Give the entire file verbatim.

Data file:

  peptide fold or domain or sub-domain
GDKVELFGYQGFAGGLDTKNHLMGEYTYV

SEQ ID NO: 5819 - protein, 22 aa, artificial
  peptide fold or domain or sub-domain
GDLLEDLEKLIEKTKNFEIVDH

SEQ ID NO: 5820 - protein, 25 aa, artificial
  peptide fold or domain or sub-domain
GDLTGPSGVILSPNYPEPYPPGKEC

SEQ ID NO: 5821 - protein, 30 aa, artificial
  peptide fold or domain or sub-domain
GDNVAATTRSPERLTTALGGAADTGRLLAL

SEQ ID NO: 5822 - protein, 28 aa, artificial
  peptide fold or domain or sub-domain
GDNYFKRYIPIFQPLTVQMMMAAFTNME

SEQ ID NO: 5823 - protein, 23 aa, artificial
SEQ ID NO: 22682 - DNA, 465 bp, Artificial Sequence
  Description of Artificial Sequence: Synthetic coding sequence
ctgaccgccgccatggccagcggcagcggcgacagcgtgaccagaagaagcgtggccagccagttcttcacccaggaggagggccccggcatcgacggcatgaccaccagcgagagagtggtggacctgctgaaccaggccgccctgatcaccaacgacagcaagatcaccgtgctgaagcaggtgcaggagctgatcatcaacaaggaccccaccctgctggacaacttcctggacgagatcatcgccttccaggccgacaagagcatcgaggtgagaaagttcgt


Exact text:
  peptide fold or domain or sub-domain
GDKVELFGYQGFAGGLDTKNHLMGEYTYV

SEQ ID NO: 5819 - protein, 22 aa, artificial
  peptide fold or domain or sub-domain
GDLLEDLEKLIEKTKNFEIVDH

SEQ ID NO: 5820 - protein, 25 aa, artificial
  peptide fold or domain or sub-domain
GDLTGPSGVILSPNYPEPYPPGKEC

SEQ ID NO: 5821 - protein, 30 aa, artificial
  peptide fold or domain or sub-domain
GDNVAATTRSPERLTTALGGAADTGRLLAL

SEQ ID NO: 5822 - protein, 28 aa, artificial
  peptide fold or domain or sub-domain
GDNYFKRYIPIFQPLTVQMMMAAFTNME

SEQ ID NO: 5823 - protein, 23 aa, artificial
SEQ ID NO: 22682 - DNA, 465 bp, Artificial Sequence
  Description of Artificial Sequence: Synthetic coding sequence
ctgaccgccgccatggccagcggcagcggcgacagcgtgaccagaagaagcgtggccagccagttcttcacccaggaggagggccccggcatcgacggcatgaccaccagcgagagagtggtggacctgctgaaccaggccgccctgatcaccaacgacagcaagatcaccgtgctgaagcaggtgcaggagctgatcatcaacaaggaccccaccctgctggacaacttcctggacgagatcatcgccttccaggccgacaagagcatcgaggtgagaaagttcgt